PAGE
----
I totally agree that the main problem is demonizing and blaming of opponents.

I think the U.S. (and many other countries) could solve their political problems much more easily if people would sit down and actually listen to each other.
Doubt that's happening any time this century in North America.
I'm not an american but from what I understand of american politics, the conservative side of polititcs also stands for capitalism as extreme as it gets. This sits very badly with sustainability, to my understanding, due to its 'weapon of massive consumption' and 'want everything to be mine' basic ideas. I hope it'll work but from where I'm watching you guys it looks mighty hopeless.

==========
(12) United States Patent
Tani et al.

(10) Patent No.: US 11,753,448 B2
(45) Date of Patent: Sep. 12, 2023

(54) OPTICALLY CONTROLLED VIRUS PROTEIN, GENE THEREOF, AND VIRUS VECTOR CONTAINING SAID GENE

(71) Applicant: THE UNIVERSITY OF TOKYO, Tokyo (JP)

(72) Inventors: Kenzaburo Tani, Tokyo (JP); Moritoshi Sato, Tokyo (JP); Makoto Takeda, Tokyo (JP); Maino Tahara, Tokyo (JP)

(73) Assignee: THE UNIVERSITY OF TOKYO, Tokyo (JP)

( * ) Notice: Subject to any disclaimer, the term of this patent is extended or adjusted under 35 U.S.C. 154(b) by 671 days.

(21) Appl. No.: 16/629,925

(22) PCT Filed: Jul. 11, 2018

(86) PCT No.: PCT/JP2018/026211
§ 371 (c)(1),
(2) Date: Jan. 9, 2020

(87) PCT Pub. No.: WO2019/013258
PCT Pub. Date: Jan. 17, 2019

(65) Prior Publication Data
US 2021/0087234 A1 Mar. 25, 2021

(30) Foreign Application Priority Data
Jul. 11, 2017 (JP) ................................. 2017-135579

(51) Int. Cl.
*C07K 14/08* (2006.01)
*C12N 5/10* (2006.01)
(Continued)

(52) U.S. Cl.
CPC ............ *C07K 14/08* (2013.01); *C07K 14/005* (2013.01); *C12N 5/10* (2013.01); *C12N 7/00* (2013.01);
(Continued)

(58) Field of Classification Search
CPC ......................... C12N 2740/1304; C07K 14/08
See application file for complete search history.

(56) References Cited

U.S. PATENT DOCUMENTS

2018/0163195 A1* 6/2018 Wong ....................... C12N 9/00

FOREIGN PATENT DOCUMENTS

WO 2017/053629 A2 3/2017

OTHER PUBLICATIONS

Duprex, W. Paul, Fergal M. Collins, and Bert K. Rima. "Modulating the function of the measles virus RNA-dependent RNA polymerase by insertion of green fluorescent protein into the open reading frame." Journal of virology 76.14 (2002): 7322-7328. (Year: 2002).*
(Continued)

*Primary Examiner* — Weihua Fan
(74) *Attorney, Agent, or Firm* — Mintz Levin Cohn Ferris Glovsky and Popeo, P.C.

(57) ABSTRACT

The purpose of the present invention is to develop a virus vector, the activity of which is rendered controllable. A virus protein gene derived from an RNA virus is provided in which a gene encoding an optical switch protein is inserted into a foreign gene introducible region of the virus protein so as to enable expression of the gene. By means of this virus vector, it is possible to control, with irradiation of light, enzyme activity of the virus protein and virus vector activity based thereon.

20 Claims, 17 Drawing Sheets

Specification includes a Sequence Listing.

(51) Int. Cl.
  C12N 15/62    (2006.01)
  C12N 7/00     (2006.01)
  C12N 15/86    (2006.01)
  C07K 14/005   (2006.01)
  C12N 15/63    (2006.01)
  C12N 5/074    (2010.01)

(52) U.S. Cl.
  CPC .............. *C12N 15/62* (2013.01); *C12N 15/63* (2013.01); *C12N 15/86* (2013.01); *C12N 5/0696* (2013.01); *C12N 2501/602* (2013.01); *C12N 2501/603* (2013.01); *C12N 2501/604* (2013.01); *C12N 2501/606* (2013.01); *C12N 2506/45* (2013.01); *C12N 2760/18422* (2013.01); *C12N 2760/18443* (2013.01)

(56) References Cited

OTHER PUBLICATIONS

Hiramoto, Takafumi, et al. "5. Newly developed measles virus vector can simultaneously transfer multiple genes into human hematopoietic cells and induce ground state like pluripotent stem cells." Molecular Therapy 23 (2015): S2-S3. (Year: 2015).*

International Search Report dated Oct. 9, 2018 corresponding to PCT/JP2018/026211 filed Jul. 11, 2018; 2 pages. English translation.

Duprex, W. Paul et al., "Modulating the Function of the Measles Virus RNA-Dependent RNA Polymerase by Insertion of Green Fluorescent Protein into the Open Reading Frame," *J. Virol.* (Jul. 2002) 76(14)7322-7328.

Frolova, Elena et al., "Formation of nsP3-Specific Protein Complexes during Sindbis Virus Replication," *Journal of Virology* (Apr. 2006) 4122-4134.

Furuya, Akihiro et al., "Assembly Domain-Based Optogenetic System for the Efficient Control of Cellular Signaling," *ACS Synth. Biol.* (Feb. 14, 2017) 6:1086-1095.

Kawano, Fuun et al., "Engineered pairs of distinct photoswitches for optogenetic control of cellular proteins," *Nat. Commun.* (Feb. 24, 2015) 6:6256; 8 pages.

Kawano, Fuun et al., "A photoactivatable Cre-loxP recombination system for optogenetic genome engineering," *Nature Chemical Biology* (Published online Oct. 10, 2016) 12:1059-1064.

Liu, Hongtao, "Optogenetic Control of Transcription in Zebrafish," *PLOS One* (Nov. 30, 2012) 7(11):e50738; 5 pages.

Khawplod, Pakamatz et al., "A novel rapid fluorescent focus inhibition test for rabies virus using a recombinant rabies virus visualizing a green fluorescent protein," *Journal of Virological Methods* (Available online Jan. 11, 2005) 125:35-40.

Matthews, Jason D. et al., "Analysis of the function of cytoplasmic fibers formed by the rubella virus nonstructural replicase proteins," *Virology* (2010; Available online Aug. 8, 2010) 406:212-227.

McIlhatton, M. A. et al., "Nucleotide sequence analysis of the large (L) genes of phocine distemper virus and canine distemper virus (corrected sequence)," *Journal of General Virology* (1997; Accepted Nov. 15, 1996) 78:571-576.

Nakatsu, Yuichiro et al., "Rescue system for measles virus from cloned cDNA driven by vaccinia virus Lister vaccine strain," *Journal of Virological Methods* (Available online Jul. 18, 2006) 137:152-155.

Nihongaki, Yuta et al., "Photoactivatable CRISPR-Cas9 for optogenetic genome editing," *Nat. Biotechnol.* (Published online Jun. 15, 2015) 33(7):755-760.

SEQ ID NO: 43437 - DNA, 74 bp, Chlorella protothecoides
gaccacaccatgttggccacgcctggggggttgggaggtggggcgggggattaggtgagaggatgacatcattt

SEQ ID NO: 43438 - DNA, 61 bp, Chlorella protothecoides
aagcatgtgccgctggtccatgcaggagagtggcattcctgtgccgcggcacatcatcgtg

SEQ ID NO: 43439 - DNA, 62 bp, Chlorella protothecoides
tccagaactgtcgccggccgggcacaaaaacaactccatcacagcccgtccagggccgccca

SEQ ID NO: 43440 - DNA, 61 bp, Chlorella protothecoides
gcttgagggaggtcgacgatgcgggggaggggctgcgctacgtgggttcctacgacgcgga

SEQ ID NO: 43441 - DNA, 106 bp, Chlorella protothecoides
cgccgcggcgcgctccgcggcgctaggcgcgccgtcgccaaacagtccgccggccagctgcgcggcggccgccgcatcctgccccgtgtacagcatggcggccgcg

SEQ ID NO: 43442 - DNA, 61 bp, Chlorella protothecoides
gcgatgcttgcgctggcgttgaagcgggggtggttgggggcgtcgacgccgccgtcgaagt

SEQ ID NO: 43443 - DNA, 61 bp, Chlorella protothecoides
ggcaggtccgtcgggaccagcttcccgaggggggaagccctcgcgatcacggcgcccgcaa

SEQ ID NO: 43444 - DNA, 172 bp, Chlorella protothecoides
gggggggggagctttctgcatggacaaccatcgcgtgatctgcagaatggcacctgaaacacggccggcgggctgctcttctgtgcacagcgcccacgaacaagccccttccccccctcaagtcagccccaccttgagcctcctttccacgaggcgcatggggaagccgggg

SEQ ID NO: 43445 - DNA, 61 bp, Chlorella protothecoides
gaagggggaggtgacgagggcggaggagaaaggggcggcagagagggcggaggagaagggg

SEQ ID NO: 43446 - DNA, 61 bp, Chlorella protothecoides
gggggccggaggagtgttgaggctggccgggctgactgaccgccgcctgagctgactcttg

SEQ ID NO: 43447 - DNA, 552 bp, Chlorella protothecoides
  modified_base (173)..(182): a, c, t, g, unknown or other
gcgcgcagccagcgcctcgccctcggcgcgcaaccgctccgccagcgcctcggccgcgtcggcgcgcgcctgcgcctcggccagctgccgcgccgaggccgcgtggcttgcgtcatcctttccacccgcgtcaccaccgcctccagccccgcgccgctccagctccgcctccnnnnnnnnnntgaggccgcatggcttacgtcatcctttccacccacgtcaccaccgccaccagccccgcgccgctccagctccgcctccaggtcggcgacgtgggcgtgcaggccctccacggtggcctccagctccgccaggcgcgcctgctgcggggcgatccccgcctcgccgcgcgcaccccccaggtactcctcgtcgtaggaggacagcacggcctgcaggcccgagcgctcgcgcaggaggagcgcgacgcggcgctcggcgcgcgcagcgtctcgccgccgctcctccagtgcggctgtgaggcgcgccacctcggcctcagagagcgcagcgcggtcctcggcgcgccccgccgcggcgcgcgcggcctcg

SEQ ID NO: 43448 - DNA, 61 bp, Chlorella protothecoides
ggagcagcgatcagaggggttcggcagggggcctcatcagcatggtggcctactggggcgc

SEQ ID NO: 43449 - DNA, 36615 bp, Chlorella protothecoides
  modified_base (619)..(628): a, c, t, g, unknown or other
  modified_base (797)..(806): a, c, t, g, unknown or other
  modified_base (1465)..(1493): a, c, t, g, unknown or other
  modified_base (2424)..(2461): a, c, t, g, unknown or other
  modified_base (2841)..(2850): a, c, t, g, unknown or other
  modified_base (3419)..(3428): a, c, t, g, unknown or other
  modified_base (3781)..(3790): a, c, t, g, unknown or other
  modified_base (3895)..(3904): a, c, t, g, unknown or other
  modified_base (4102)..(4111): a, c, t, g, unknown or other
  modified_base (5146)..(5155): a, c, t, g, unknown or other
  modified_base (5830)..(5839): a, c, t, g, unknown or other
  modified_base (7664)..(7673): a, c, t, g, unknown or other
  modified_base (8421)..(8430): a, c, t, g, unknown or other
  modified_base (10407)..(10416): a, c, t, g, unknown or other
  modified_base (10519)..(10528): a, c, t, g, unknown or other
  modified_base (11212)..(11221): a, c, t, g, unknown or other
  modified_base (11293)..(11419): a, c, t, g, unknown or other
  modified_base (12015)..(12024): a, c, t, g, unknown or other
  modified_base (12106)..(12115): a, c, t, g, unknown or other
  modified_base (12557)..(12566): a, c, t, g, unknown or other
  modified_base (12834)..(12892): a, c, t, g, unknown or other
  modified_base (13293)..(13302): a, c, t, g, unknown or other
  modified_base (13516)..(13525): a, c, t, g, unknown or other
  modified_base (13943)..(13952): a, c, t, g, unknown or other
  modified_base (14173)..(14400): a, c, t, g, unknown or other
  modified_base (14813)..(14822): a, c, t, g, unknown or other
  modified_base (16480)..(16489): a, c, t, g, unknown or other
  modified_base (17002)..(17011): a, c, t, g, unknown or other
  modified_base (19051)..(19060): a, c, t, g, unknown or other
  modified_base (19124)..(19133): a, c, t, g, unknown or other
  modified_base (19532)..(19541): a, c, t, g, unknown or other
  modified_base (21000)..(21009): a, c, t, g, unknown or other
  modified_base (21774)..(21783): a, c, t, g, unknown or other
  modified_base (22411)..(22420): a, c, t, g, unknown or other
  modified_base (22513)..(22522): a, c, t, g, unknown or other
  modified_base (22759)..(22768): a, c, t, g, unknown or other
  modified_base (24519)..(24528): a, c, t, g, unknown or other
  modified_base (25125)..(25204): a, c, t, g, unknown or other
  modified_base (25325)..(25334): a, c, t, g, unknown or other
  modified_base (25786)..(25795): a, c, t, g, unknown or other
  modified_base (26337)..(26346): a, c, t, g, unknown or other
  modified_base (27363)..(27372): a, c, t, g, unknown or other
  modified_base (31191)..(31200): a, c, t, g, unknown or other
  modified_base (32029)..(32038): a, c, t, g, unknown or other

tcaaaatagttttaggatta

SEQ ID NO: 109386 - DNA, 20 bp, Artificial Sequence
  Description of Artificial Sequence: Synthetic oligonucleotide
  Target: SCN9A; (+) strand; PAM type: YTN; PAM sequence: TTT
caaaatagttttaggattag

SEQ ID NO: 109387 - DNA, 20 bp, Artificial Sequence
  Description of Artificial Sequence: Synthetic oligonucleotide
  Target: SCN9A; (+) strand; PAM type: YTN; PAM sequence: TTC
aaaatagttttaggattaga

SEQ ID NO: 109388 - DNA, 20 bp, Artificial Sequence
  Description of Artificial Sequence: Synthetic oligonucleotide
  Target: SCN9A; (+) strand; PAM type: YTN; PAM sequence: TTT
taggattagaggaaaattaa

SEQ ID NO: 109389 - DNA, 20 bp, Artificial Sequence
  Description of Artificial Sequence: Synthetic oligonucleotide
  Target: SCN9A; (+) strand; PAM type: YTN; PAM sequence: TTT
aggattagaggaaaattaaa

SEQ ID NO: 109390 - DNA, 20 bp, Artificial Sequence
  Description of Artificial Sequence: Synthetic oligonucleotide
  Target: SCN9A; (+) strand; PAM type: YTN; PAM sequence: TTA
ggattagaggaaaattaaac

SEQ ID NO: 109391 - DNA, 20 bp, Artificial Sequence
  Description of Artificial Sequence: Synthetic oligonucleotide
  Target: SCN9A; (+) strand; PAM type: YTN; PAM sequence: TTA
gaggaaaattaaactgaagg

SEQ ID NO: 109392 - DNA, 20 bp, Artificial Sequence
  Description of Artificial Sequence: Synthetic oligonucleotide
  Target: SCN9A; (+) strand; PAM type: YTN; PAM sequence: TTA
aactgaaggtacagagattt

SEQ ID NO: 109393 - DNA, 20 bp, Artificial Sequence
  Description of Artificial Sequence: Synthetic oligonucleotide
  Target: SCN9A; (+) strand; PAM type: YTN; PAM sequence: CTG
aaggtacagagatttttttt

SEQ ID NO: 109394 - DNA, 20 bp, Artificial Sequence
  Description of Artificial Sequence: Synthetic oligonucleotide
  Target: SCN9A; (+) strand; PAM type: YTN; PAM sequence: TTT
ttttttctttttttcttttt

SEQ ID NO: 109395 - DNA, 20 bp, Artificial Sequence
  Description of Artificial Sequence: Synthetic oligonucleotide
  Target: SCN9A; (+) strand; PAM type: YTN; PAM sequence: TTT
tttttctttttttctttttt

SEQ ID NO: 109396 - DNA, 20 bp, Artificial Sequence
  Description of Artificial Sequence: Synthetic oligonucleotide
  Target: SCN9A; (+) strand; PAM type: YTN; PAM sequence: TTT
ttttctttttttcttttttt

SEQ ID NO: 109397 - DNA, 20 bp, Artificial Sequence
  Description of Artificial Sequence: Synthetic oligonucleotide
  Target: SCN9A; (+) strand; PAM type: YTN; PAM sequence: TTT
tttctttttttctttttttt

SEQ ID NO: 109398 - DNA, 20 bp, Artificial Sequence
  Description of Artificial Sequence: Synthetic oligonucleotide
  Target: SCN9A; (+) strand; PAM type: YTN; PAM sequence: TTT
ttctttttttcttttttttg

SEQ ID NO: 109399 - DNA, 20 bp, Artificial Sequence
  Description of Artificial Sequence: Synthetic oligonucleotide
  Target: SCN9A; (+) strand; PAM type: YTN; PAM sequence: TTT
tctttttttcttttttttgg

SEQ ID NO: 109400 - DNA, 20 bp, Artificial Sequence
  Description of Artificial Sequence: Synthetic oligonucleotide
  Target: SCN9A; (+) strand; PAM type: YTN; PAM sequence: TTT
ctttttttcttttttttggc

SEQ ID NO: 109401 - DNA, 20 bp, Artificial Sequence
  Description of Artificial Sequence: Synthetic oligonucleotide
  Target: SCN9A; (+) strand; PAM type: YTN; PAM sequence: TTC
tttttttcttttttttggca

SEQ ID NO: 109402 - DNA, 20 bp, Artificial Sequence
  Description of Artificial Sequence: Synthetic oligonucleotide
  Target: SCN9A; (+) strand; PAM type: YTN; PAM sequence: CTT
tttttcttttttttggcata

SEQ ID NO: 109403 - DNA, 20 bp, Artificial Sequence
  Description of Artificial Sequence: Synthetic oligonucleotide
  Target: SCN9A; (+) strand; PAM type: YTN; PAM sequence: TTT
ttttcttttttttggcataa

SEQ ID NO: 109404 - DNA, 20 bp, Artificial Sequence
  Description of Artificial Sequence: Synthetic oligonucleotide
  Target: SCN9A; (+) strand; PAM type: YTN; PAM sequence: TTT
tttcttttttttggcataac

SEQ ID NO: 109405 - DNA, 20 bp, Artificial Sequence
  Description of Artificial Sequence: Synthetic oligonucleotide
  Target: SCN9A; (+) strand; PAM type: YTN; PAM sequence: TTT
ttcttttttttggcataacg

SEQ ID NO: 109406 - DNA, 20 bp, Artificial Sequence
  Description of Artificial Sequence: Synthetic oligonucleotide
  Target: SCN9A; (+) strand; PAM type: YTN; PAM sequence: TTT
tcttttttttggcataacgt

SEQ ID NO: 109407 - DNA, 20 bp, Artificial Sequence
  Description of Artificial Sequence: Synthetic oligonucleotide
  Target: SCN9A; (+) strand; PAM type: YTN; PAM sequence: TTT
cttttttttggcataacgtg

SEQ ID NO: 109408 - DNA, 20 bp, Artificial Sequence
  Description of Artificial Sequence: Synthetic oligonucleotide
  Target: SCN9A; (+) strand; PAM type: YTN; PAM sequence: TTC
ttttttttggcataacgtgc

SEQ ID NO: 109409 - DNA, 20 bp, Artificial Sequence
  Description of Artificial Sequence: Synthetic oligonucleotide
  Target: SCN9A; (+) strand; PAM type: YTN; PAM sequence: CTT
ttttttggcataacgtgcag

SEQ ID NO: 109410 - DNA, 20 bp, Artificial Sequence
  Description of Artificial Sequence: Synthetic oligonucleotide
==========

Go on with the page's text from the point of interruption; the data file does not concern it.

As for other countries, in my country (Israel) I know there's a despicable attempt in some illeagal settlements to become green so as to have a trump card against their evacuation. Green wash can be dangerous, at least here.
I think that the allegiance between conservative politics and extreme, unchecked ultra-capitalism is real, but I think it exists more at the political level and less at the grass-roots level. I think it's more a case of businesses manipulating the base of the party, and ideologues writing policy statements in think-tanks which then get picked up and implemented as policy. (Example: the Project for the New American Century and its influence on the Bush administration.)

But even if you look at those advocating extreme capitalism, there are a number of specific stances they take which would actually promote sustainability. That's exactly why I chose an example from the American Enterprise Institute in my post.